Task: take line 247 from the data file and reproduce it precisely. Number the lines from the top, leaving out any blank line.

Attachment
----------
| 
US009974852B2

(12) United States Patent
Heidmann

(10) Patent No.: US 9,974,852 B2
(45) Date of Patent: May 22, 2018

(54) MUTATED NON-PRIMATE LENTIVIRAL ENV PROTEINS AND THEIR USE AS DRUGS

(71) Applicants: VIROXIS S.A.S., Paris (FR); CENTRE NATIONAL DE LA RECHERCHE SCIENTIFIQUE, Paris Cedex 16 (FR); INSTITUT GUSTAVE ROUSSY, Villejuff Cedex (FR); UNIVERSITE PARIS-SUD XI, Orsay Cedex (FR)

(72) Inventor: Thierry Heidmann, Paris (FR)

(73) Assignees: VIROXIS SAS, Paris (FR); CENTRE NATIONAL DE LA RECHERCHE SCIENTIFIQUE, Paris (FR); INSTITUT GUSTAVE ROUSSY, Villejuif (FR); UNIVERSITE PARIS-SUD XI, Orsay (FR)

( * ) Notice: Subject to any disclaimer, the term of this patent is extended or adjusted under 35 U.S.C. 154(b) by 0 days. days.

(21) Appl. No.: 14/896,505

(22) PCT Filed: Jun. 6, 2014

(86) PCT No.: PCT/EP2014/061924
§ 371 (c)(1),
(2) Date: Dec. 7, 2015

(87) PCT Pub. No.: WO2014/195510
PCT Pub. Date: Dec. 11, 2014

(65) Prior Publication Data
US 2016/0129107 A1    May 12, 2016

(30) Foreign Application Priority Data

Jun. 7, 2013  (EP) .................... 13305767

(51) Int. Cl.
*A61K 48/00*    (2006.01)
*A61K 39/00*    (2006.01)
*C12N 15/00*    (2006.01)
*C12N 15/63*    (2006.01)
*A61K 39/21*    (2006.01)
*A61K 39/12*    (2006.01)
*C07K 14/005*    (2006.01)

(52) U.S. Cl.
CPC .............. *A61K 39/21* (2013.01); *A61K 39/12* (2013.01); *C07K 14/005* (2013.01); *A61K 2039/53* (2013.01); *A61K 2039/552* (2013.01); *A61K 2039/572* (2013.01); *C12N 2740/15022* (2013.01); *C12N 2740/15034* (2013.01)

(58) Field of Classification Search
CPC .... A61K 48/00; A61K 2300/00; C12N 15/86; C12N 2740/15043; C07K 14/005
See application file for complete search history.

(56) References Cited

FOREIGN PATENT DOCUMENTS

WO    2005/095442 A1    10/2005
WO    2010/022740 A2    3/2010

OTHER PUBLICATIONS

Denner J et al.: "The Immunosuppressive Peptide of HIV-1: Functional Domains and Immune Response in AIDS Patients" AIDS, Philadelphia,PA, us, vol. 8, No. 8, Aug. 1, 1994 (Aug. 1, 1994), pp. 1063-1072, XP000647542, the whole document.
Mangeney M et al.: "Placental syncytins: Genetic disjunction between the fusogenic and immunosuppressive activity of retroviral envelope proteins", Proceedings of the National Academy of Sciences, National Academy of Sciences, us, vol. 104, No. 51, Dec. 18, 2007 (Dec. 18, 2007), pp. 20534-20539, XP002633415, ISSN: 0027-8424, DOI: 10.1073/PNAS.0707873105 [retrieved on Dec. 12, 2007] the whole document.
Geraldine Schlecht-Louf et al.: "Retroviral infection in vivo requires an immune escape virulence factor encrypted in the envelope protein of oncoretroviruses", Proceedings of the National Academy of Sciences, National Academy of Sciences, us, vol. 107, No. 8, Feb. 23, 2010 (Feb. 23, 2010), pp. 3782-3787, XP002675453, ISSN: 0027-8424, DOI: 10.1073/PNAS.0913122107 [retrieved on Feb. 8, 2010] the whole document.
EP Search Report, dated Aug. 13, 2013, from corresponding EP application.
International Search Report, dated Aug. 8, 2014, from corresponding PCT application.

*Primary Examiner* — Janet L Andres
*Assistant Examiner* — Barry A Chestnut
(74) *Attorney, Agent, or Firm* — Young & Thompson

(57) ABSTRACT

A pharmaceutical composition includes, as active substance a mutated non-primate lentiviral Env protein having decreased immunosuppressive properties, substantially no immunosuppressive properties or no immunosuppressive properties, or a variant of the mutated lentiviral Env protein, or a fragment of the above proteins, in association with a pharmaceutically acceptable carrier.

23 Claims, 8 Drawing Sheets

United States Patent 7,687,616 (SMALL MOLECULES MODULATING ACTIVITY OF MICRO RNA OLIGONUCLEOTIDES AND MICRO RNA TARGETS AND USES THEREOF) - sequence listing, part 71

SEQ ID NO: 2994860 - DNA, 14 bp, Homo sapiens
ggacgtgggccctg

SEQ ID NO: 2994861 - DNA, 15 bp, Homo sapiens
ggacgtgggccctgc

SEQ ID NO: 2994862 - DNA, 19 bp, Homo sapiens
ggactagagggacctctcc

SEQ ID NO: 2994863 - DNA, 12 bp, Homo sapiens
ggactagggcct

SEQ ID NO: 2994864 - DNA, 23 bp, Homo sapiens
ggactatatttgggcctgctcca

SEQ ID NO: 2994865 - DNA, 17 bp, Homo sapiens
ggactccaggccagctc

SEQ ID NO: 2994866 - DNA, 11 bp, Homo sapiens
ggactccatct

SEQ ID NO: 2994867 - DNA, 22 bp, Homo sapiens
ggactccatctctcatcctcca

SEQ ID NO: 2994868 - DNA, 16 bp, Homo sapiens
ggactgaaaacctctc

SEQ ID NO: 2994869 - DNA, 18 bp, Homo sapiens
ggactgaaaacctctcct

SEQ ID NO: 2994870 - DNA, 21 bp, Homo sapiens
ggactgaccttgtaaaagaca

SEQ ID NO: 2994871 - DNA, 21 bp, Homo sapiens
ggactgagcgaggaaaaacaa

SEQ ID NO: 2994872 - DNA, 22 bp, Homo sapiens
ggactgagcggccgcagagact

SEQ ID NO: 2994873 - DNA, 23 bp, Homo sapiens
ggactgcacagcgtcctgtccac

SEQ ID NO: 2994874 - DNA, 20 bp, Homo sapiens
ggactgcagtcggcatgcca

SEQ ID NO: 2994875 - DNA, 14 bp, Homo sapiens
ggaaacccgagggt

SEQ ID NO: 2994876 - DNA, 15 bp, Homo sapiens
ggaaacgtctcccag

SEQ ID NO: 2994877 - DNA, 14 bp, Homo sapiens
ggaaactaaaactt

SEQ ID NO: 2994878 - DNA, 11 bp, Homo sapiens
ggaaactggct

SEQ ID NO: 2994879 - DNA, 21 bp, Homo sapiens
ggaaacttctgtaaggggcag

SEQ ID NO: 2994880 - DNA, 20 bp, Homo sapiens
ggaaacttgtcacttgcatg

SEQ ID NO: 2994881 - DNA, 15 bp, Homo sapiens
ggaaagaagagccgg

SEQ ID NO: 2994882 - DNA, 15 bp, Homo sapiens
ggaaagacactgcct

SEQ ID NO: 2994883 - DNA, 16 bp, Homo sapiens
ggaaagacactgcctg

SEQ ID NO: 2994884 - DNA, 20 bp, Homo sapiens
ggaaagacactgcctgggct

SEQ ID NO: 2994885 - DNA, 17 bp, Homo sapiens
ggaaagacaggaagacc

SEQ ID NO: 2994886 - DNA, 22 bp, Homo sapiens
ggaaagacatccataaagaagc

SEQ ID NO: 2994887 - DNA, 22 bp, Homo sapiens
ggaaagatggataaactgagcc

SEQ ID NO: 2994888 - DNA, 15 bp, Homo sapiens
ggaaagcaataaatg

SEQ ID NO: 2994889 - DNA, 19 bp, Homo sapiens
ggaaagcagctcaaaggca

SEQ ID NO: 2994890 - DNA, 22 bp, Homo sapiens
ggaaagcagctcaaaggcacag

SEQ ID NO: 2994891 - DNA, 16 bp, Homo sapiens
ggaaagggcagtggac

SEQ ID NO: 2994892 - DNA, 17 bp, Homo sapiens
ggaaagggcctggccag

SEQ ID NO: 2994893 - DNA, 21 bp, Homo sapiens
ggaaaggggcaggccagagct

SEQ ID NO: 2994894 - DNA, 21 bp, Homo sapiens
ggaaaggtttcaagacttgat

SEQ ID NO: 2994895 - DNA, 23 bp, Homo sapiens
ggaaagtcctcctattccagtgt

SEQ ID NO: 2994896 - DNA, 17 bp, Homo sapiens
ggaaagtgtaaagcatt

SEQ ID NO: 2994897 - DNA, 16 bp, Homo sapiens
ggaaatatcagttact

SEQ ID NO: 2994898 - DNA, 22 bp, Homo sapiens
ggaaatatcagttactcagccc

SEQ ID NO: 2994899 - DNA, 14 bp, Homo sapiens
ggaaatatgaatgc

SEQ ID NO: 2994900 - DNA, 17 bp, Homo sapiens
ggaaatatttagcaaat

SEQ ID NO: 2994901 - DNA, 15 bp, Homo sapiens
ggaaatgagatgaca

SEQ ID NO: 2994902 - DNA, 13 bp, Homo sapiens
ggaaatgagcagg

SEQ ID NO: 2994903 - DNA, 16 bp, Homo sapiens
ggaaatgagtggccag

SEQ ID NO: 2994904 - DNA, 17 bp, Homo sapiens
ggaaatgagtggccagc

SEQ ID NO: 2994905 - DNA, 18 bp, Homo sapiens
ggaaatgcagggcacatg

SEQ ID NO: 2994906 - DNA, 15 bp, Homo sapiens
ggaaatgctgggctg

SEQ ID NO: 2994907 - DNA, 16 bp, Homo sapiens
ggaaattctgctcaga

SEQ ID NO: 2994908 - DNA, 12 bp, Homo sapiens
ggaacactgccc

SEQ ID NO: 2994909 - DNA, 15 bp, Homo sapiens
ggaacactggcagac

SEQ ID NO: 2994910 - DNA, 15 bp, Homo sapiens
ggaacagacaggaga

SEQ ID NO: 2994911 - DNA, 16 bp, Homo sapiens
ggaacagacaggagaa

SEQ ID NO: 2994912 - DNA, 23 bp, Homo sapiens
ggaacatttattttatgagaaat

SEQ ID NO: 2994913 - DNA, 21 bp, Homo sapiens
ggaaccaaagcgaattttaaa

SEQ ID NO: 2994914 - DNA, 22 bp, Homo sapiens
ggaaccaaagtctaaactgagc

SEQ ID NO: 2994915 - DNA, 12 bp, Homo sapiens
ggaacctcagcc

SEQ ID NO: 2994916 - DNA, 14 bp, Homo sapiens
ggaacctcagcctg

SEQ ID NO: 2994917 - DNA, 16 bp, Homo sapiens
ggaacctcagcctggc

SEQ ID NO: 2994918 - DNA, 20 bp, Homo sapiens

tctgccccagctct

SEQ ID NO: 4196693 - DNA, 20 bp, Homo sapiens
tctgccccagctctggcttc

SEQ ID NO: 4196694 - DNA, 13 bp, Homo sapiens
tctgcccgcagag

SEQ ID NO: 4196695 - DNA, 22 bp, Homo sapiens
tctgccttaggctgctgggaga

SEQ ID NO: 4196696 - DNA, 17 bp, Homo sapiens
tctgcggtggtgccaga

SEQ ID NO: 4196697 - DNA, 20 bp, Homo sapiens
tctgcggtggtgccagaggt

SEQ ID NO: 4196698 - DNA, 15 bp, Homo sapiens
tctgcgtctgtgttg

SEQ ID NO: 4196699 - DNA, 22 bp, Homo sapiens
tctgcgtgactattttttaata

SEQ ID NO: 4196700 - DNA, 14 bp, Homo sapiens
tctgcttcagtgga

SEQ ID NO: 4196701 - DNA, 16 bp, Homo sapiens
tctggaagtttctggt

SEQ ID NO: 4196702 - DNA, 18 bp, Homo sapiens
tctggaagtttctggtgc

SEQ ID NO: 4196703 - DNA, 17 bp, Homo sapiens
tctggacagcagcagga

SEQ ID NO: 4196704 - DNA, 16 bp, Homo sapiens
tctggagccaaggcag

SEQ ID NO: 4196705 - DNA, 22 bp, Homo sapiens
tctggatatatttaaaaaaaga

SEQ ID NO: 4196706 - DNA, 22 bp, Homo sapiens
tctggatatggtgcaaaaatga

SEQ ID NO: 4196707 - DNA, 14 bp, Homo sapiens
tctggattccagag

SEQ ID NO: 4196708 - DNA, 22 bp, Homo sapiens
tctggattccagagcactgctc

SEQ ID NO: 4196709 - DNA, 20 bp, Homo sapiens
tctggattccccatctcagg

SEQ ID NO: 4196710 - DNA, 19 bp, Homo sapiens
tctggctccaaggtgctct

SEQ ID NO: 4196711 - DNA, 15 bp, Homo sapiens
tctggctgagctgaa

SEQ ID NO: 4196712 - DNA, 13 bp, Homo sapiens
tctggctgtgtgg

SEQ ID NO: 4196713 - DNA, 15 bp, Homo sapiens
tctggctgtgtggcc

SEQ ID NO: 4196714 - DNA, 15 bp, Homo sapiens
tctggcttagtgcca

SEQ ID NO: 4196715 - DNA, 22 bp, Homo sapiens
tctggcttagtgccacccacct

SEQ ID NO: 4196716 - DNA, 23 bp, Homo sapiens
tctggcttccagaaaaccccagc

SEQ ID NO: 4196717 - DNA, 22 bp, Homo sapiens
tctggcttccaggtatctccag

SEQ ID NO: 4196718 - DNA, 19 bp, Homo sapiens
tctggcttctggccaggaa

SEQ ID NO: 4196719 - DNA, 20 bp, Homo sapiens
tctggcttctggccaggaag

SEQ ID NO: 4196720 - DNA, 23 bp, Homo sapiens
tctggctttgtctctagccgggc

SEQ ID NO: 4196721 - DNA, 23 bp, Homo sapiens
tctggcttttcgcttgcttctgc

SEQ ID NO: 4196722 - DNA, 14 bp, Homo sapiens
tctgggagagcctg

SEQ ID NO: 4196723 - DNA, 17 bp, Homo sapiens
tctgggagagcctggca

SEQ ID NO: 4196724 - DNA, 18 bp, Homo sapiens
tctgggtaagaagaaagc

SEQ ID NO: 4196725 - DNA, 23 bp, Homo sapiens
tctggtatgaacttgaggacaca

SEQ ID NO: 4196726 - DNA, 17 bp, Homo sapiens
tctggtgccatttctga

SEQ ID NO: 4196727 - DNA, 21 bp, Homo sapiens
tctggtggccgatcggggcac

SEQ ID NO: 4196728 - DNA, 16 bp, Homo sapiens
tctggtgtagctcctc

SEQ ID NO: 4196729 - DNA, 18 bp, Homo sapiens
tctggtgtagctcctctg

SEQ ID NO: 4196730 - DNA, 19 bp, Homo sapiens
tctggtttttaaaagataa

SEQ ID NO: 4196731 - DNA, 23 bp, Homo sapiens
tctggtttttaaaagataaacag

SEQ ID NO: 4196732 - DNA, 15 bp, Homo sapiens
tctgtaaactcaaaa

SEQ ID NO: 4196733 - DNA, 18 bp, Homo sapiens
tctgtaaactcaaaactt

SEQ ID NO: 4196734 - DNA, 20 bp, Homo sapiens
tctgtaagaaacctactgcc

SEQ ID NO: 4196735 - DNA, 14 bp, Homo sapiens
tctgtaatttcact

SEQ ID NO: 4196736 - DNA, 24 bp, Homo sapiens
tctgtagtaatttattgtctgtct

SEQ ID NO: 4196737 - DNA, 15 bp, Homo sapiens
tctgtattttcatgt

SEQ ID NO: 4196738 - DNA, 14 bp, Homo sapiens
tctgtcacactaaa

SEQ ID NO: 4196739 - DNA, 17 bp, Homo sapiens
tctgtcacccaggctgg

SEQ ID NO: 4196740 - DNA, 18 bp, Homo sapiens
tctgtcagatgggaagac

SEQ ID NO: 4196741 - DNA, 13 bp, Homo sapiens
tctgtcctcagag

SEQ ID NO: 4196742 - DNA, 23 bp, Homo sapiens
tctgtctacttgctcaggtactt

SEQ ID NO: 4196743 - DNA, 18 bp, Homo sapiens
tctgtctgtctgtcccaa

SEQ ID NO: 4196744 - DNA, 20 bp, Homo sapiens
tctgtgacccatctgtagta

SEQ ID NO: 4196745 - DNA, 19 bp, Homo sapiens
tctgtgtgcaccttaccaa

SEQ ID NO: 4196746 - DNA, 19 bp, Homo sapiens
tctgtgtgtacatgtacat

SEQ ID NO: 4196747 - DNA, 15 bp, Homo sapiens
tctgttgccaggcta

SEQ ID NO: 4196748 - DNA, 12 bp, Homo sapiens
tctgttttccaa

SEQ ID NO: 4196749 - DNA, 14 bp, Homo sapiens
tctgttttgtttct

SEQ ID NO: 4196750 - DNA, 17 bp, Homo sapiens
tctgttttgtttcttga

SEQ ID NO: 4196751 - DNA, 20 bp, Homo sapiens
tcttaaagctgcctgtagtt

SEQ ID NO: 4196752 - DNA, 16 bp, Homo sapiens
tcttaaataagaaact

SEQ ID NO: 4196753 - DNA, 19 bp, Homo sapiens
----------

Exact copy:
SEQ ID NO: 4196731 - DNA, 23 bp, Homo sapiens